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Nimrod Conference for Readers and Writers 2016
October 14-15th, 2016
The University of Tulsa
Tulsa, Oklahoma
Friday, October 14th
Nimrod Write Night: Author Chat and 38th Nimrod Literary Awards Ceremony
Presented in conjunction with Booksmart Tulsa
7:00 p.m.
The Lorton Performance Center
550 S. Gary Pl.
The University of Tulsa
Nimrod Write Night features a special Author Chat with National Book Award Winner Robin Coste Lewis, author of Voyage of the Sable Venus, and National Book Award finalist Angela Flournoy, author of The Turner House. It also features the 38th Annual Nimrod Literary Awards Ceremony, with readings by Chad B. Anderson, Bryce Emley, Markham Johnson, and Ruth Knafo Setton.
The Author Chat, Awards Ceremony, and Book Signing afterward are free and open to the public.
An Author Reception featuring all the Conference guest authors will precede the Author Chat and Awards Ceremony.
Author Reception Tickets: $50. This includes the Author Reception, a copy of either The Turner House OR Voyage of the Sable Venus, and reserved seating for the Author Chat and Awards Ceremony.
Two-Day Pass for Nimrod Write Night and the Saturday Conference for Readers and Writers: $100
Reservations and payment for the Author Reception alone and the for Two-Day Pass must be received by October 7th. No reservations are needed for the Author Chat and Awards Ceremony. One-Day Pass registrants may register up to Late Registration at 9:30 a.m. on the 15th.
Purchase Tickets to the Author Reception
Tickets for the Author Reception may be purchased online here. (A small administrative fee is charged for online ticket sales.)
Tickets may also be purchased by printing the Conference Registration Form and mailing it with payment to Nimrod, The University of Tulsa, 800 S. Tucker Dr., Tulsa, OK 74104.
Reservations and payment for the Two-Day Pass or Author Reception must be received by October 7th. No registration is needed to attend only the Author Chat and Awards Ceremony. Registrants for the One-Day Conference Pass may register up to Late Registration at 9:30 a.m. on the 15th.
Saturday, October 15th, 2016
Nimrod Conference for Readers and Writers
Allen Chapman Student Union
440 S. Gary
The University of Tulsa
9:30-10:00 a.m.: Late Registration
10:00-10:40 a.m.: PANEL DISCUSSIONS (Concurrent Sessions)*
Rules of Writing: When to Follow Them and When to Break Them
Bryce Emley, Angela Flournoy, Britton Gildersleeve, Toni Jensen, Robin Coste Lewis, Ruth Knafo Setton, Sherry Thomas
Editing and Publishing: Q&A
Chad B. Anderson, Chloe Honum, Markham Johnson, Beth Kephart, Eilis O’Neal, Will Thomas, Brenna Yovanoff
10:45 a.m.-12:00 noon: Morning Masterclasses (Concurrent Sessions)*
Hands-on One-on-One Editing Workshops I*
Meet one on one with a Nimrod editor who will help you revise your work.  Submit 2-3 pages of poetry or 4-5 pages of fiction or nonfiction.  Materials must be received by October 8th.  Each one-on-one editing session is 15 minutes long.
Dialogue and Code-Switching in Fiction — Angela Flournoy
Dialogue has a lot of work to do—it should provide context and characterization, drive the narrative forward, and, above all, entertain. We’ll look at several approaches to writing dialogue, and compare how each meets the needs of its narrative, as well as how authors approach code-switching—or the ways that people use language differently depending on whom they’re talking to.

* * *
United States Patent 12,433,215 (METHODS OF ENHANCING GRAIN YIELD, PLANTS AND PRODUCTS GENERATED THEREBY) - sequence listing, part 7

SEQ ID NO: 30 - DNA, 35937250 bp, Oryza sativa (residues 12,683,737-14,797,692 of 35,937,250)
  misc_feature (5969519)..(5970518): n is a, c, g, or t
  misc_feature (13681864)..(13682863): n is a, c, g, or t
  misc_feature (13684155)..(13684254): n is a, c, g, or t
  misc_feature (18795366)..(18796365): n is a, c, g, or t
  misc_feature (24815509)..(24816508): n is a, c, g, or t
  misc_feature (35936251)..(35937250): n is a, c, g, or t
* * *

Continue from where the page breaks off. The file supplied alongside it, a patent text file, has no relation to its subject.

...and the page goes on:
Beginnings and Endings: How We Open and Conclude Our Poems — Bryce Emley and Markham Johnson
Poems are brief—so our beginnings and endings have to stand out. We’ll delve into ways to grab the reader’s attention and refuse to let it go, and we’ll look at Eastern and Western ways of ending poems that leave us with a sense of what writer Jack Myers referred to as “the complementary qualities of surprise and inevitability.”
Memoir: Home Is Where the Story Is — Beth Kephart
Every memoir begins or ends with a conception of home: what it is and why it matters. We’ll reflect on home—explore its many meanings, find inspiration from memoirists who take us home, and write toward our own ideas of home and the true stories that begin there.
Chemistry in Romance: Creating the Sizzle — Sherry Thomas
Chemistry is one of the most important ingredients in a can’t-put-it-down romance. Explore the combustible combination of sexual attraction and intellectual common ground, spiced by emotional connection and emotional conflict, and learn how to create and deepen chemistry, moving from big-picture tools to paragraph-level details.
Publishing 101: A Beginner’s Guide to Getting Your Work Out There — Eilis O’Neal
Today’s publishing landscape can be confusing, and submitting your work can be a scary prospect. We’ll discuss the basics of publishing, define terms like “cover letter” and “synopsis,” and learn how to submit work to literary agents and literary journals.
12:00-1:30 p.m.: Lunch and Readings by Angela Flournoy AND Robin Coste Lewis
1:35-2:50 p.m.: Afternoon Masterclasses (Concurrent Sessions)*
Literary and Commercial Fiction: Working the Genre Divide — Toni Jensen
Writers of literary fiction often are told their work isn’t commercial enough, while writers of commercial fiction often are criticized for their lack of literary finesse.  But it doesn’t have to be an either/or game. We’ll develop strategies for working genre-style plots while still employing the fine imagery and inventive language of literary fiction.
The Power of Place: How to Make Your Setting Sing  — Chad B. Anderson and Ruth Knafo Setton
Whether you’re peeking through the keyhole of your imagination at an enchanted kingdom, peering through binoculars at a foreign street, or describing your own backyard, world-building is a critical element in writing. Explore ways to enhance a sense of place, using it to develop characters and plot, heighten suspense and intensify conflict, and create a world rich in sensory details.
Poetry & Photography — Robin Coste Lewis
While poetry and photography are different art forms, they actually have a lot in common. We’ll explore the relationship between memory and visual art using photographs—and learn how one can enhance the other.  (Please choose one photograph to bring with you on the day of the workshop.)
Poetry: Depth and Beauty in Everyday Moments — Chloe Honum
Some of the best poems center on seemingly small moments—the overheard sound of typing in another room, the arrival of the mail carrier, or boarding the subway. We’ll discover how poets use imagery, simile, and tone to dive into such moments and reveal their depth and beauty, and learn how the ordinary moments that resonate with us individually can become universal songs.
Mystery: The Fine Art of the Fight Scene — Will Thomas
Spectacular fight scenes can make your mystery or thriller shine, but writing specific movements and keeping the action clear can be harder than it looks.  We’ll work through the ins and outs of a dynamic fight scene to make your scenes kick butt!